As Jacques Rivette
's Ne touchez pas la hache
(Don't Touch the Axe
) opens in France today, european-films.net
editor Boyd van Hoeij
talks with Jeanne Balibar
, who "has an interesting take on what the duel between the would-be lovers really is about at a deeper, more human and less politicised level: 'This film is about sex,' she says with the sincere seriousness that only a French actress could bring to such an explanation, 'and more particularly about two people trying to reach an orgasm at the same moment. The two hours of the film are really about synchronising their simultaneous orgasms.'"
"Hildegard of Bingen
, one of the most important figures of the medieval Catholic Church, will be the subject of the new film by German director Margarethe von Trotta
." Scott Roxborough
in the Hollywood Reporter
In the Los Angeles Times
, Jay A Fernandez
talks with Jonathan Nolan
about that sci-fi screenplay he'll be writing for Spielberg
Like Michael Tully
, Glenn Kenny
is wondering what Sam Mendes
is thinking: "One of the many things about Revolutionary Road
, besides the main thing, which is that it's a freakin' masterpiece, is that it's one of the most unrelentingly grim novels of its ilk. I would be overstating the case considerably if I were to aver that it makes John Barth
's not dissimilarly-themed The End of the Road
look like The Code of the Woosters
, but the fact that the idea of saying it occurred to me at all ought to give you an idea of just how grim it is."
, written and directed by Choi Dong-hoon
, is, like his feature film debut Big Swindle
, a fast-paced crime thriller, buttressed by a fantastic cast and a complex but never confusing plot," writes Kyu Hyun Kim
, where Adam Hartzell
has launched a new blog, Notes Inspired by the Film
"[I]t is not the bizarre back story that marks out Rag Tag
, the debut feature by Adaora Nwandu
," writes Patrick Barkham
. "The 29-year-old British-Nigerian director has entered territory that is still taboo in cinema: she's written and directed a story about a romance between two black men." Also in the Guardian
: Stuart Jeffries
asks Honor Blackman
, "How did you get to be Pussy Galore?" The answer: "I was very, very hot at the time."
, whose film Summer Palace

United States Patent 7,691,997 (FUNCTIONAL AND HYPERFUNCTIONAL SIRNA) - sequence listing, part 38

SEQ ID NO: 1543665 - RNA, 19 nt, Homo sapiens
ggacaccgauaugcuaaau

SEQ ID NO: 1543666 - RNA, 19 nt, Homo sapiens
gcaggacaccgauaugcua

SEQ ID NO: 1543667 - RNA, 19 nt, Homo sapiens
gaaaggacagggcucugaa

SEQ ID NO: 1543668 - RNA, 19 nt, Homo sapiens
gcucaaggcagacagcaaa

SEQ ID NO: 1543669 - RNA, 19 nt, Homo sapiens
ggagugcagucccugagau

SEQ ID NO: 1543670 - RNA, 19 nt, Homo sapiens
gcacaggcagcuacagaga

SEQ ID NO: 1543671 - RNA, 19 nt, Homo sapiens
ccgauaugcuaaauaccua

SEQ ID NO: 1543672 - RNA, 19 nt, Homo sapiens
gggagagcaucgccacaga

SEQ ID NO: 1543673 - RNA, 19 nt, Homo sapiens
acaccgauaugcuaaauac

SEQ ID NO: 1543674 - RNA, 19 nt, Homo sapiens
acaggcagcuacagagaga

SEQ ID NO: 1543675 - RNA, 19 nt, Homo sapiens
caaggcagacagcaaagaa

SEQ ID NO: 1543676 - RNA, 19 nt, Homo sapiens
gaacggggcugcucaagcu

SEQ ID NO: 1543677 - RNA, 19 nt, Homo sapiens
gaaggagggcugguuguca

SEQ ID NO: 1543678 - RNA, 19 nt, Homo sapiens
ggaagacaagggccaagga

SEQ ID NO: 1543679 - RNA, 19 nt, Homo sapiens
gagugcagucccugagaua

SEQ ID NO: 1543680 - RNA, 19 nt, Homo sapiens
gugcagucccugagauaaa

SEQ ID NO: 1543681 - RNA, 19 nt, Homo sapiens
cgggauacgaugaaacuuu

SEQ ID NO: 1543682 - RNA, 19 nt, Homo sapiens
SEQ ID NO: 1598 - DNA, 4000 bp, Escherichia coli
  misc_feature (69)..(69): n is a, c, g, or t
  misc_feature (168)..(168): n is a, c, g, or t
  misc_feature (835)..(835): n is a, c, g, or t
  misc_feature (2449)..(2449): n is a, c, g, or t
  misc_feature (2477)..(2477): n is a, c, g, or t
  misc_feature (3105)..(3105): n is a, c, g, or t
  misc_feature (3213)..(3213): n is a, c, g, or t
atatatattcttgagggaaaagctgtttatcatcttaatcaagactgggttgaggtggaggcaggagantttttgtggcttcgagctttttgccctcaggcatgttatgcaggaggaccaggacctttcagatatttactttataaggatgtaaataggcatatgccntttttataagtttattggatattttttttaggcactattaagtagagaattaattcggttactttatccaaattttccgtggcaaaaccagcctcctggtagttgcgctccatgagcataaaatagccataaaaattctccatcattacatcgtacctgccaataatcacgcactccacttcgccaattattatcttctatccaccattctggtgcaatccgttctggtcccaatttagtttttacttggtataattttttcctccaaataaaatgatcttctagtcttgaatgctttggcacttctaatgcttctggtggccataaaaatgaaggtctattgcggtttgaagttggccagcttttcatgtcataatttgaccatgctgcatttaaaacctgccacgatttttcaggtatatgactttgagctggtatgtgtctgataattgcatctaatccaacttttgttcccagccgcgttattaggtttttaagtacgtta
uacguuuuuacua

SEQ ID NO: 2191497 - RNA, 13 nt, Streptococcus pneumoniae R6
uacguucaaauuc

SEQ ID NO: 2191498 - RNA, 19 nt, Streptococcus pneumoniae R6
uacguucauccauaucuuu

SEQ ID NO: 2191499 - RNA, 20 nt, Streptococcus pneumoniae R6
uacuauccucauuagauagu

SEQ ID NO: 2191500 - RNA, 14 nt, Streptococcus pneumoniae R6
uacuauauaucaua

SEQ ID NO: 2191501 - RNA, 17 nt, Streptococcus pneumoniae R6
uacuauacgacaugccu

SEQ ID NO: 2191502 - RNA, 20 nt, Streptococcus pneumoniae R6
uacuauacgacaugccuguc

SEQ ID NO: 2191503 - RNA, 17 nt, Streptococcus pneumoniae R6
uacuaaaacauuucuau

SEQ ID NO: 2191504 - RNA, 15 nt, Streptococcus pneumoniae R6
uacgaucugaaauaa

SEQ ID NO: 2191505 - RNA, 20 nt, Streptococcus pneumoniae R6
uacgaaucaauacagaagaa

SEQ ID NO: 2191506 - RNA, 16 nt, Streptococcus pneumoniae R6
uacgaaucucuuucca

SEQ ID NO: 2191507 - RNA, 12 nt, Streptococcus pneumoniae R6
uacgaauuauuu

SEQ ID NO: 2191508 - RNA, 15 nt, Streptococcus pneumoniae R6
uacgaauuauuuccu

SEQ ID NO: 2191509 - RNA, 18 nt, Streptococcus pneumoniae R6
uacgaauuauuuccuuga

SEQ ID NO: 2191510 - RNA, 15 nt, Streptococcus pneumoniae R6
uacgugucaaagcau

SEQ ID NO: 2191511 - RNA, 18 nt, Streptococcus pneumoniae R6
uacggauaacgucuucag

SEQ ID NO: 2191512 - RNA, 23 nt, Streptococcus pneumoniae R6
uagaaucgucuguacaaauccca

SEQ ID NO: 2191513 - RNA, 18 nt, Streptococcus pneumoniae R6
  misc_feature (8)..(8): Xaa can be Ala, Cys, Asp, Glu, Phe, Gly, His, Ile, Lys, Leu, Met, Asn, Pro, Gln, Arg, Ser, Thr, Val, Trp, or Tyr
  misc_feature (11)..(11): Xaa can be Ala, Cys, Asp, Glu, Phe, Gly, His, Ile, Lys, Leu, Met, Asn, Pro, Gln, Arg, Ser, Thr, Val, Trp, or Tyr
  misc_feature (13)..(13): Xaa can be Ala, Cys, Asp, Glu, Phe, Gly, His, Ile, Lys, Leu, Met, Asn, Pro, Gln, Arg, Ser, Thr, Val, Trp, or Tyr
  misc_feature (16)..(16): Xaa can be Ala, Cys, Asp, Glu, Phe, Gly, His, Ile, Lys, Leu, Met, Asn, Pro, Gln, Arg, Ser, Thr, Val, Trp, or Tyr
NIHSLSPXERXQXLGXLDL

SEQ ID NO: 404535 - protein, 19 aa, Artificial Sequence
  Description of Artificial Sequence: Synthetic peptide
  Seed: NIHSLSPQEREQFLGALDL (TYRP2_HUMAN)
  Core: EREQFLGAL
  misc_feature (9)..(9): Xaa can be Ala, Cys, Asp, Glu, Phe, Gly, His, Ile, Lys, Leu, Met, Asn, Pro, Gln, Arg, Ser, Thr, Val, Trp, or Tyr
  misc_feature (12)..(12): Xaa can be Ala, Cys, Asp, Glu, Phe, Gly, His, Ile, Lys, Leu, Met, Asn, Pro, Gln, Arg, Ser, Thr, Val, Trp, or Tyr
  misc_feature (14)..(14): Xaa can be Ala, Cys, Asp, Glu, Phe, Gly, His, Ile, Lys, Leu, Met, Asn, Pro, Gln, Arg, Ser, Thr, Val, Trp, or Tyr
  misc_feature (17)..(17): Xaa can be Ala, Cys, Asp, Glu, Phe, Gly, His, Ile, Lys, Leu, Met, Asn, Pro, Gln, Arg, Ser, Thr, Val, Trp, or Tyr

was feted at Cannes last year but earned him and producer Nai An
a five-year ban from making movies in China, is currently raising money to make The Last Hour
," a film the Guardian
describes as being about "a Palestinian who is abandoned by his wife after being imprisoned for 10 years in an Israeli jail."
In the Village Voice
Rob Nelson on After the Wedding: "Playing God, on one side of the camera or another, is the essence of Dogme. What happens after the wedding comprises a full three-quarters of [Susanne] Bier's epic, whose near-Biblical twists and turns - I wouldn't think of giving them away - are enough to fill four weepies." More from Marcy Dermansky.
"German director Andreas Dresen (Grill Point, Willenbrock) has made an oddly buoyant little film about loneliness," writes Michelle Orange. "Part Sex in der City, part Dogme doldrums, Summer in Berlin is most affecting as a character study of two women in their late thirties, at the precise moment in their lives when, with middle age on the march, the fritterings and posturings of youth offer respite even as they throw its loss into relief."
"No doubt about it, The Hawk Is Dying verges on the ludicrous, but it couldn't be otherwise," writes Nathan Lee. "This half-mad cine-Icarus risks a perilous Bressonian ideal: 'The greater the success, the closer it verges on failure.'" More from Katherine Folk in the L Magazine.
"Ultimately, The Hoax seems designed to appeal to the larcenous impulse in all of us," writes Andrew Sarris in the New York Observer. "Having invented his own relationship to his shadowy subject, [Clifford] Irving anticipates today's rampaging identity thieves, but for higher stakes."
More from Jesse Hassenger in the L Magazine, where Nicolas Rapold writes, "The strategy of Black Book is blitzkrieg, for better and for worse."
"His films are too sick and mean to be guiltless kitsch and too weird to enjoy just for the laughs," writes Violet Glaze. "Let's put it this way – even ooky-kooky Tim Burton won't be making a biopic about sleazemeister [Dwain] Esper anytime soon." Also at PopMatters: Bill Gibron on Re-Animator.
Nick Schager has written a piece for SOMA Magazine entitled "From Inland Empire to Year of the Dog: The Many Reinventions of Laura Dern." Click his name to figure out how to read it.
"Of all the groundbreaking shows Norman Lear developed during the 1970s, none were stranger or more gradually rewarding than the comically abstruse Mary Hartman, Mary Hartman," writes Eric Henderson at Slant. "[Louise] Lasser's Mary Hartman floats through her daily trials and tribulations either slack-jawed or with a vacuous death-grin affixed to her pigtail-flanked face, like Edith Bunker on Quaaludes." Also, Ed Gonzalez on Ping Pong.